EditorialsBy Matt Bud, Chairman, The FENG

No one ever said it would be easy. And, when it comes to finding a job after the age of 40, it can easily become a demoralizing situation. For those of us who are even older, like in our 50’s or 60’s, it can be extremely difficult.

Let me start you out with the idea that you are no longer the least expensive product out on the market. You bring a wealth of experience to the party, and those on the other side of the desk feel obligated to pay more to you than for someone earlier in their career should they decide to hire you. It’s true, of course, that they should pay more, but what is often missed is your value proposition. Your value proposition is where you have to focus your persuasive energies.

Oscar Wilde once said that a cynic is a man who knows the price of everything but the value of nothing. In job search terms, it is often true that if the salary to be paid is $150,000, the hiring manager wants to pay this sum to someone who will find himself well paid and happy. Interestingly they don’t appear to be as concerned about getting the greatest value for their money, like hiring someone who previously earned (and was worth) $175,000. Their concern, valid or not, is that you will not be happy and leave at the first opportunity.

The secret of personal selling, which is what you do as a job seeker, is handling customer objections. Often times the customer objection is like an 800 pound gorilla sitting in the room. Everyone knows it’s there, but no one wants to talk about it.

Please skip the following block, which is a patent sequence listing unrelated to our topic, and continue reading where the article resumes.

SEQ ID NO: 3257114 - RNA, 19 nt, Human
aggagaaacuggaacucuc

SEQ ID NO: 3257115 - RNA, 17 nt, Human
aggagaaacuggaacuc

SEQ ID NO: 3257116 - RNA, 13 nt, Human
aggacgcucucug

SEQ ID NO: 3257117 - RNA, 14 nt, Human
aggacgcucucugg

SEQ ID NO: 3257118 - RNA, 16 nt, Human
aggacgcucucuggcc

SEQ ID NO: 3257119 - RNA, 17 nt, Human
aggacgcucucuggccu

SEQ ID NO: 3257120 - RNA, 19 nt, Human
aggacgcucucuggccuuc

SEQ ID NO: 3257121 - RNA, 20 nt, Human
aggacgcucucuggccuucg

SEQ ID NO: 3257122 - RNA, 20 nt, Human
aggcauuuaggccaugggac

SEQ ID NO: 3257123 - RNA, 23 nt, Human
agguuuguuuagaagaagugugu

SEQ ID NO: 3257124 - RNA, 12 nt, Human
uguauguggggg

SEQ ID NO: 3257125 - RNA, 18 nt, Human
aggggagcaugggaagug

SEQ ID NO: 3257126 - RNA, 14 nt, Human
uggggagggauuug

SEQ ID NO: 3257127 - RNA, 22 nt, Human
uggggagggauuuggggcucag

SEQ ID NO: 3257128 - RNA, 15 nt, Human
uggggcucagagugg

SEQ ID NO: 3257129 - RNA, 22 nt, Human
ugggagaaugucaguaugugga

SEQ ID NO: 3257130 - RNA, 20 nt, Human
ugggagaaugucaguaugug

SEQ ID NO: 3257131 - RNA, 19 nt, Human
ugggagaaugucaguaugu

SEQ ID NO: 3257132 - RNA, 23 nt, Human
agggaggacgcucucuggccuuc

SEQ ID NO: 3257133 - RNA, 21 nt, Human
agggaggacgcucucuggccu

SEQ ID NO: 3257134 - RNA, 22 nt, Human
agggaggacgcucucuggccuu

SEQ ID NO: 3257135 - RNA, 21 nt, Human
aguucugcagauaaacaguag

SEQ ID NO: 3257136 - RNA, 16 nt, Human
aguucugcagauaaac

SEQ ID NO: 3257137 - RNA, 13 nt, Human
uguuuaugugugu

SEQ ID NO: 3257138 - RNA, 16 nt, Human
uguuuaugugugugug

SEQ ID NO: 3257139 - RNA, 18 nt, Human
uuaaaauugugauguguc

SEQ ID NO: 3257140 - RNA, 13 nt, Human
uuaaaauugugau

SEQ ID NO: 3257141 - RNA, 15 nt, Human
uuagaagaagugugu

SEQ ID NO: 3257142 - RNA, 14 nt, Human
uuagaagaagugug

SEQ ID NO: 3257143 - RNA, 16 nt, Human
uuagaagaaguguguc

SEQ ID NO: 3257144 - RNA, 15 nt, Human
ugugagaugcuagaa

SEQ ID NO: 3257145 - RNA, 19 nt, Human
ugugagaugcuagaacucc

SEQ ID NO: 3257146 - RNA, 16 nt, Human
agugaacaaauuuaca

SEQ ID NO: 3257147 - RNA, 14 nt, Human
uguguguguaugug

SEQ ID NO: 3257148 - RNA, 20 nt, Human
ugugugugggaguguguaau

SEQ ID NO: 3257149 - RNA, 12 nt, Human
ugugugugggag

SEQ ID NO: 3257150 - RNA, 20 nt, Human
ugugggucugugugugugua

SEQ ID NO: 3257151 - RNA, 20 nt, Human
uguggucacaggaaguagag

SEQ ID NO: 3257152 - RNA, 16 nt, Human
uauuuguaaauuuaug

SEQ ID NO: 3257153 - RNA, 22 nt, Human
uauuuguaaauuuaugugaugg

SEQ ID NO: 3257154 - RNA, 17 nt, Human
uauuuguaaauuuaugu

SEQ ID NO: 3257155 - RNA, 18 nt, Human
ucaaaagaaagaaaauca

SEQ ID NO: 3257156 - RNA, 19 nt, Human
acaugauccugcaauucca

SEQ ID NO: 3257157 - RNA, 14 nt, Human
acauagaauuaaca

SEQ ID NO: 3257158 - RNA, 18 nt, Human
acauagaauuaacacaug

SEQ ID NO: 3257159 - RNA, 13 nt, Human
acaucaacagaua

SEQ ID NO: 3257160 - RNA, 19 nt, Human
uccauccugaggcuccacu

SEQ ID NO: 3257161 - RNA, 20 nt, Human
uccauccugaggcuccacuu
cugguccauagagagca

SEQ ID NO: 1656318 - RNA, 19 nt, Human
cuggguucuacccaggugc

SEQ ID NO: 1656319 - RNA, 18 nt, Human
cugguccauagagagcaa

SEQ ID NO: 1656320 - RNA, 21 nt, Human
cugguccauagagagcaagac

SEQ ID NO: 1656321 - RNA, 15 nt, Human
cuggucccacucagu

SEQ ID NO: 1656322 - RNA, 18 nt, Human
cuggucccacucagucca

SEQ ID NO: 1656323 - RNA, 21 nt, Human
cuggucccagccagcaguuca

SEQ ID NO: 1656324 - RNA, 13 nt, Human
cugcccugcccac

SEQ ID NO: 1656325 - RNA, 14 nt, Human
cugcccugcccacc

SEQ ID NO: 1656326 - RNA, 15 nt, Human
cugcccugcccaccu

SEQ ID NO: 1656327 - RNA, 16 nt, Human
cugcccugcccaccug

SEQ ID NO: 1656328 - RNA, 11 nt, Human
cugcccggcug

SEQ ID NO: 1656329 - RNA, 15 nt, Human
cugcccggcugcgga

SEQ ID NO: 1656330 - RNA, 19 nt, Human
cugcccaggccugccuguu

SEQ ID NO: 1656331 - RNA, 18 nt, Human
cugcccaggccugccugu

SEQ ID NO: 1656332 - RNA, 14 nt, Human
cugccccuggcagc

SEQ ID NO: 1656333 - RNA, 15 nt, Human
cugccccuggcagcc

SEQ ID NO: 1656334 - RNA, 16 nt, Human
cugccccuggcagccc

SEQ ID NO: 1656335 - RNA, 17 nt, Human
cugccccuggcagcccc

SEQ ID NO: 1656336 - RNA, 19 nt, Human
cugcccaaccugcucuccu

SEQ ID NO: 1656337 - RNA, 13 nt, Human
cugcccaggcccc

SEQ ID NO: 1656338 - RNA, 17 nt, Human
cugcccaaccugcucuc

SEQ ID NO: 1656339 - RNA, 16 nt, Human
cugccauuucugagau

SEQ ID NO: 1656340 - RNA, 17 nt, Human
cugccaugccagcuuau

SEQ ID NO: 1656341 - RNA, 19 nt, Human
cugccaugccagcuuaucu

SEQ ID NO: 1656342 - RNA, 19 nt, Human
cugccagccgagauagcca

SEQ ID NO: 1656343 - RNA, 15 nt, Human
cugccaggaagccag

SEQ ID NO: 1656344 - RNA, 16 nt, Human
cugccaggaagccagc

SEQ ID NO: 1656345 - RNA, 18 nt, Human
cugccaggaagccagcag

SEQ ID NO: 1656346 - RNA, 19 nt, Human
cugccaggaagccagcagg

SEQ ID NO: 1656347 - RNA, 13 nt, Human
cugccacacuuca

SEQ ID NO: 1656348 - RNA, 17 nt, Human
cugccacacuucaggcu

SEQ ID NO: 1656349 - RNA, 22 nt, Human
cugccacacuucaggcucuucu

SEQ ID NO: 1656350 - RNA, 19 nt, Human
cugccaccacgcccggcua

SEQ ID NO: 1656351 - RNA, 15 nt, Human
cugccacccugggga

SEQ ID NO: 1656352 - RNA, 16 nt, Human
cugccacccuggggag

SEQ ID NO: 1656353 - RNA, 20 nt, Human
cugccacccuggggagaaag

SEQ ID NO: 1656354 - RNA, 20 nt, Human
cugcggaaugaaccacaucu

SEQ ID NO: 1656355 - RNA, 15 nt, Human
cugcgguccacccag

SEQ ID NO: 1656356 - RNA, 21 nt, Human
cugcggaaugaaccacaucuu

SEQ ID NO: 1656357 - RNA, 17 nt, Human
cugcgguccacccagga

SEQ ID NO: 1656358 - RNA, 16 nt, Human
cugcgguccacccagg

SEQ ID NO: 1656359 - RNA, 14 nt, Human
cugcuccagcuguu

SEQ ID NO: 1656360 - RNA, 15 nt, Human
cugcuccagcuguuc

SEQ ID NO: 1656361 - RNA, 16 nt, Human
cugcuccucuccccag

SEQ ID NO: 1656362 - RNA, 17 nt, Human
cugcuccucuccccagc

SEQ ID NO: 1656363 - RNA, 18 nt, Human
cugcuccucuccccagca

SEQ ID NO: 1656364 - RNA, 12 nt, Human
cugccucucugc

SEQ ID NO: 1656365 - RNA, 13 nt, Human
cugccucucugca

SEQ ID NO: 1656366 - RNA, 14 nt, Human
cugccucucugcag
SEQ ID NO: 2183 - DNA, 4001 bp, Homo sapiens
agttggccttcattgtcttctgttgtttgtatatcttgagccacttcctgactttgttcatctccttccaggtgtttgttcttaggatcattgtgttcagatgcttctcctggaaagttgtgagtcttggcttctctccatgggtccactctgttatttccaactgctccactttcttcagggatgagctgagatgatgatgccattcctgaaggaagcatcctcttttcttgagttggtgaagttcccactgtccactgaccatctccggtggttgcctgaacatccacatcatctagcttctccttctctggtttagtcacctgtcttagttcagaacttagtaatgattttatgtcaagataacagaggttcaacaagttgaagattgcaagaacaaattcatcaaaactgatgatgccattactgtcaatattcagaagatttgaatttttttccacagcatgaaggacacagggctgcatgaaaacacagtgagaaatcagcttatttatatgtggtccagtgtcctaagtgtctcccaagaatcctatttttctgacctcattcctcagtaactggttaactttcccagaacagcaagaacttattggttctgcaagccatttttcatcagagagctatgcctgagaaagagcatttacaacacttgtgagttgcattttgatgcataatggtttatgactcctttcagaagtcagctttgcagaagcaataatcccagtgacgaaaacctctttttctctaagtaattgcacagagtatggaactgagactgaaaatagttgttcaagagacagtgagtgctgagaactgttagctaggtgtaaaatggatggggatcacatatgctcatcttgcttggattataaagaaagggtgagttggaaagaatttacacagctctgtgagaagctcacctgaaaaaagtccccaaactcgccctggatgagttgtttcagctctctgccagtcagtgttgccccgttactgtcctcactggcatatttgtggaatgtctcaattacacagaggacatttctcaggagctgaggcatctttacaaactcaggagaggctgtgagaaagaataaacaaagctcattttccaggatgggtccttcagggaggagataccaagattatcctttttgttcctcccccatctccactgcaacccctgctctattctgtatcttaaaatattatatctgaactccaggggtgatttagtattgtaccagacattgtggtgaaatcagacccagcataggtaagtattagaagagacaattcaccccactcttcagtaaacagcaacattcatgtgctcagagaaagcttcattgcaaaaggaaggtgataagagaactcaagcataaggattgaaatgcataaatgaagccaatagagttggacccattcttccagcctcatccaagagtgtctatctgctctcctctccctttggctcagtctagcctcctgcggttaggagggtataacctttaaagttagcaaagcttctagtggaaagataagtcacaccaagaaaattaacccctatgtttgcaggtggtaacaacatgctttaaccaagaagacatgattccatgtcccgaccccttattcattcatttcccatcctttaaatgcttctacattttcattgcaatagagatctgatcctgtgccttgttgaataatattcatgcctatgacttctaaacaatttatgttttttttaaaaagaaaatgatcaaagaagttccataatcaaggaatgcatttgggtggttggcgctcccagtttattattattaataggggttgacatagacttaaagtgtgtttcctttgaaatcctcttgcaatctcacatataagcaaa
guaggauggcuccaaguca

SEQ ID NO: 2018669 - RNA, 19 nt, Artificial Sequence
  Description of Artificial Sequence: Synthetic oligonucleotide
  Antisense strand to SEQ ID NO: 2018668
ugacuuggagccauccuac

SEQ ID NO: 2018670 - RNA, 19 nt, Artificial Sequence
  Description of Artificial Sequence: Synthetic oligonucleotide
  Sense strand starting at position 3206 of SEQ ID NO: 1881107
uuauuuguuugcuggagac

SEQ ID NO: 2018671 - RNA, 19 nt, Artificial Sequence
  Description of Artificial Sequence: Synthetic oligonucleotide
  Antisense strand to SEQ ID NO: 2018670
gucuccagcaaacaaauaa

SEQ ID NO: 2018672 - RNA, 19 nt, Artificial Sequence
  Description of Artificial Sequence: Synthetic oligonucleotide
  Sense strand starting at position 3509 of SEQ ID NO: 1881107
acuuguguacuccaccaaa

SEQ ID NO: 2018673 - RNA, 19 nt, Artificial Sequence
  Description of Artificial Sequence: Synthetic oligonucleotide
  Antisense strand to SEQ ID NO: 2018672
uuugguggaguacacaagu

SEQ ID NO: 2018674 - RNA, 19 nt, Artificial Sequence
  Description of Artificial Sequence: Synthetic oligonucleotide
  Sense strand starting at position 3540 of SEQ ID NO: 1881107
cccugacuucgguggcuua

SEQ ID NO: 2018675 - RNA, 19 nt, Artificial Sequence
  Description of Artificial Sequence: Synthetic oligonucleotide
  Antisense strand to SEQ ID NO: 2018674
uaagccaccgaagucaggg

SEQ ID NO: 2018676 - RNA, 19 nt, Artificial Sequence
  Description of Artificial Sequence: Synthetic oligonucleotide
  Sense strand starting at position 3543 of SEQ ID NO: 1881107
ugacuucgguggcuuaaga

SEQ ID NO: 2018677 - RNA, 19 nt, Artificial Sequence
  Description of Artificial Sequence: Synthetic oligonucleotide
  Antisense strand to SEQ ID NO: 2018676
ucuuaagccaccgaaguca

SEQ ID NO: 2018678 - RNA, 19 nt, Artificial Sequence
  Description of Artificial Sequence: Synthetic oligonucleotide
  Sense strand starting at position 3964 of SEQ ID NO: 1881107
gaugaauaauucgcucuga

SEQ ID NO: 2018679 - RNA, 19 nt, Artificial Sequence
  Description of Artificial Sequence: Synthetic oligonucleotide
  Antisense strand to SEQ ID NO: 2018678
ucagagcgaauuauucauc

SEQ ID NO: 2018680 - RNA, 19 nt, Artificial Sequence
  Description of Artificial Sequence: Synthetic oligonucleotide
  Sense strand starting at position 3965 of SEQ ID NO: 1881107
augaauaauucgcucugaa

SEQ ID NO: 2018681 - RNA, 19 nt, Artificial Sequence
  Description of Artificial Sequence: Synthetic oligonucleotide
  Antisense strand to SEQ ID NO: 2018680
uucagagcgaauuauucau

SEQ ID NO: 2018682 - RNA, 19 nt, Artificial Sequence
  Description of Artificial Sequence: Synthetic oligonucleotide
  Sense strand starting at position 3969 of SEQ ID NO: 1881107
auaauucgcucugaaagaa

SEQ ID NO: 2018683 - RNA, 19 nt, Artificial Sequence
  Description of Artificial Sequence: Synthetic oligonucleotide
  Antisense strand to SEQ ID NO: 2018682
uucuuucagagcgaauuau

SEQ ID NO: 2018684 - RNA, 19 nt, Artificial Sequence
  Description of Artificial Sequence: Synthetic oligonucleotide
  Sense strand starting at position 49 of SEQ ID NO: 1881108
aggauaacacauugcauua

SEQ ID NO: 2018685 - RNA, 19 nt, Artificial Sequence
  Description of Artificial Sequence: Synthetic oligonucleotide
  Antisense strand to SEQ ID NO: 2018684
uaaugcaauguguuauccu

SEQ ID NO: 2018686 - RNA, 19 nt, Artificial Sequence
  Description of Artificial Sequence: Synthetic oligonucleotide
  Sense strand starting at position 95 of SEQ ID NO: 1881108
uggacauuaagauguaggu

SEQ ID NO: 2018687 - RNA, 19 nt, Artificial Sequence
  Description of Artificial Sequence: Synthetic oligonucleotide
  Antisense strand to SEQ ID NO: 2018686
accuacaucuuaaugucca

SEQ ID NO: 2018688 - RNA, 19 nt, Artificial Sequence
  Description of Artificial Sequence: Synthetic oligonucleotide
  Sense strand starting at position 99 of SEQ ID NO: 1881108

Typically there are about 20 viable candidates presented to a hiring manager. Out of these 20, he/she will select 5-10 to interview. ALL of the candidates presented will, at least on paper, be fully capable of doing the job. If the search firm or human resources department has done their job well, the candidates will have varied backgrounds and bring slightly different things to the party. No two human beings on the face of the earth are identical and/or perfect substitutes for one another.

Simply stated, the product we sell is “been there and done that.” While you want to avoid the trap of talking only about past achievements, your years of experience should give you a leg up if you present them properly. The “knock” is 20 years of experience – 1 year of experience repeated 20 times. My sales approach is that there are lots of things that only happen once a year, and you have done them 20 times. What this means is you won’t be seeing a situation as new and try to reinvent the wheel. You will see it as a variation on a theme you have solved many times.

The perception of the hard working young executive is true. They work hard because they have the energy of youth. (Oh, how I remember my 30’s, but it was a long time ago.) That said there is an element of “digging ditches and filling them in again” that is not entirely obvious to the rest of the world.

My suggestion to all of us who still want to work is to accept the fact that you need to fight even for a job that is in a sense “beneath your dignity.” There are more than enough qualified candidates at all times and for every job that even if you could do it and would do it (with one hand tied behind your back) for the money on the table (and be happy to have it), you will have to dispel the myths and make the sale to get them to offer it to you.

The competition may be fierce, but if you enjoy a good fight as much as I do, have at it and give them your best shot. (By the way, sucker punching is permitted. It is one of those “all’s fair in love and war” things.)

Regards, Matt

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